Acer Liquid S1 review

What’s old is new again has never been a mantra adopted by the mobile industry — the opposite is in fact true — but the rise of the unlocked smartphone could change that to some extent.

The Acer Liquid S1 is not a new phone, but the demand for quality, inexpensive and unlocked handsets spurred the Chinese company to return, after almost three years, to the Canadian smartphone market. This time, instead of partnering with the carriers to undercut and eventually whittle down the cost of their smartphones to $0, Acer has landed a deal with Staples, Canada Computers and other major technology retailers to sell directly to the consumer.

It’s a big gamble, especially when the competition in so fierce in this market segment. Everybody from Samsung to LG to Nokia and, most recently, Motorola, have taken steps to grab market share in the entry- and midrange tiers, but Acer’s S1, with its bright, oversized 5.7-inch screen towers above them all. But can the bite match the bark? And is the Acer Liquid S1 worth your $379.99, especially when it doesn’t boast LTE connectivity? Let’s find out.


  • Android 4.2.2
  • 5.7-inch 1280×768 pixel LCD display (257 ppi)
  • MediaTek MT6589 quad-core 1.5Ghz SoC
  • 1GB RAM / 8GB internal storage (microSD slot included)
  • 8MP rear camera, 2MP rear camera
  • HSPA+ 850/1900
  • 2,400mAh removable battery
  • 163 x 83 x 9.6 mm
  • 195 grams


The Gist

The Acer Liquid S1 is massive, both in size and weight. The 5.7-inch screen comprises a good portion of the device’s front, but the bezels above, below and to the sides are spacious to a fault. The hardware navigation keys, for which Acer has replaced the traditional home button design with a concentric circle, are nicely spaced below the display.

To get a scale of how massive the S1 really is, compare its dimensions to the Samsung Galaxy Note 3, which sports a screen of the same size. The Note 3 is 151 x 79.2 x 8.3mm and weighs 168 grams, which includes its S Pen. The S1 is  163 x 83 x 9.6mm and weighs 195 grams. The S1 is far closer in dimensions to the Galaxy Mega 6.3, but lacks the increased screen real estate.


Once you got over its size, the S1 works like any other Android device. It runs a fairly unfettered version of Android 4.2.2, which is nearly two years old and is increasingly becoming obsolete. Still, the phone runs alright, and app elements make decent use of the big screen.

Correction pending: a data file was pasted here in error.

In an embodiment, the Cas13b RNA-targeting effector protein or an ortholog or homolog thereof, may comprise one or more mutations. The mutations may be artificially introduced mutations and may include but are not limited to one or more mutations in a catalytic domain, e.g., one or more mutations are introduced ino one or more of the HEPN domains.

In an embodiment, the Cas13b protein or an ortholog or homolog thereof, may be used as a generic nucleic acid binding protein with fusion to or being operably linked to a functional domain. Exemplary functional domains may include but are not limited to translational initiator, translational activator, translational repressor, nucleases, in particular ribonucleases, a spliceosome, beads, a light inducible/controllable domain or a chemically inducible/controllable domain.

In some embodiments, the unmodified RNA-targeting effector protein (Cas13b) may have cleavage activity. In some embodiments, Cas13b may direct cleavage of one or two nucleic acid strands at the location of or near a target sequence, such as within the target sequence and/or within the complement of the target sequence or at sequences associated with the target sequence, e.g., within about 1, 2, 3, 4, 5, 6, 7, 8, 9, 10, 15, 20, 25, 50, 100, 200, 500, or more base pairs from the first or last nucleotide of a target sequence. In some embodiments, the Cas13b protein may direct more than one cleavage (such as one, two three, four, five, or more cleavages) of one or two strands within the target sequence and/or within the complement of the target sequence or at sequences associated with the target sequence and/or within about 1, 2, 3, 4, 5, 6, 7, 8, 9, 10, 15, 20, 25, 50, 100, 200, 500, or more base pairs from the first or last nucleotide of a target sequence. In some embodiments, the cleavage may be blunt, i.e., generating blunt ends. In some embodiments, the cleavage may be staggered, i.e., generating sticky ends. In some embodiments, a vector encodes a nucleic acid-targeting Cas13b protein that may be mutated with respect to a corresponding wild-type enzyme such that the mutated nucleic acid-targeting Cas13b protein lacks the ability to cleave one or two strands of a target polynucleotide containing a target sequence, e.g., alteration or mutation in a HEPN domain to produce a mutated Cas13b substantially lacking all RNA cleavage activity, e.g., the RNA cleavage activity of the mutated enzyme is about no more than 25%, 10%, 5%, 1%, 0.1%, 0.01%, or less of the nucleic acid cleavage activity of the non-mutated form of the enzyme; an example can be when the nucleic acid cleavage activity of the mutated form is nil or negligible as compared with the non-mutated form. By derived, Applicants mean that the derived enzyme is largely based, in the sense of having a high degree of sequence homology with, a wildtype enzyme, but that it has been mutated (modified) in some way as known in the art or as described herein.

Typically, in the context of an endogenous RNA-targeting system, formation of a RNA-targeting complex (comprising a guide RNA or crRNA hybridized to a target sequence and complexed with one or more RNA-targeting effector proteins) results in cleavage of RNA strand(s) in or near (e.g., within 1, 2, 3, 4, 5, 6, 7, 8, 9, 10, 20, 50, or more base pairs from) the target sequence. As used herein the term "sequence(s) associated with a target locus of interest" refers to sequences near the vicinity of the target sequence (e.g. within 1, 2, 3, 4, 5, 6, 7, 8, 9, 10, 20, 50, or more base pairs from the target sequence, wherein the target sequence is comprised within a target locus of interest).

For some reason, Acer chose to put the power button on the left side of the chassis, making it supremely inconvenient to turn the screen on and off. And while the device has an interesting aesthetic, with a curved etched headpiece and similarly diminishing curves on the sides, it’s the weight and heft that really stuck with me.

The S1 is a decent smartphone for its price. That’s the real takeaway here: its quad-core MediaTek-based Cortex-A7 SoC is quite a bit slower than today’s mainstream flagships, but it’s more than capable of powering modern Android apps and the occasional game.

The multithreaded capabilities of Cortex-A7 are no match for even last-generation Cortex-A9 or even the slowest of Qualcomm’s Krait line (except for the Snapdragon 200/400 variants that are Cortex-A7 powered themselves) but you can expect performance to match the Samsung Galaxy S3 or thereabouts, at least in CPU performance.

It’s in the graphics performance department that the MediaTek SoC shows its age — it’s already two years old — with high-performance 3D games losing frames quite readily.


What Works

  • The S1 has a big, bright screen that handles outdoor situations quite well.
  • Its performance is decent in most situations, but the Cortex-A7 cores are heading for obsolescence and may not hold up in future apps. Performance around the OS, however, is swift, with the only real issues coming from app loading times.
  • The camera’s F2.0 lens makes snapping photos quick and generally trustworthy, while the camera app comes with enough settings to appease most photography fans.
  • The battery life from the 2,400 mAh cell is good, too, lasting around 12 hours from a single charge. That is it replaceable is helpful, too, though good luck finding a second cell.
  • Audio from phone calls is excellent — Acer seems to have found the right balance between tone and sensitivity here.


What Needs Work

  • The screen has terrible viewing angles — an IPS display this is not — that wash out readily after 20 degrees or so to either side.
  • The device lacks LTE support, which limits its potential uptake. I got a rather-disappointing average of 5.6Mbps down and 0.7Mbps up using the TELUS HSPA+ network.
  • Acer includes a few interesting software tweaks, such as Scheduled Power On & Off and a DTS-calibrated equalizer, but there is more bloatware on this carrier-free, unlocked smartphone than most Rogers- or Bell-sold devices. That’s pretty inexcusable, if you ask me, especially when few of the “value additions,” from AcerCloud to Moodagent to Live Screen, are better than easily-accessible third-party alternativ
  • The $379.99 price is quite a bit higher than the more-powerful Moto G. It actually may be prudent to take a look at a used Galaxy S3, which costs around the same as the S1 new and sports a better Super AMOLED display, a faster processor, and LTE connectivity — not to mention a newer version of Android.


The Acer Liquid S1 is the company’s most expensive unlocked smartphone currently available, but other than its size lacks a compelling reason to select it over the cheaper, faster and more up-to-date Moto G LTE.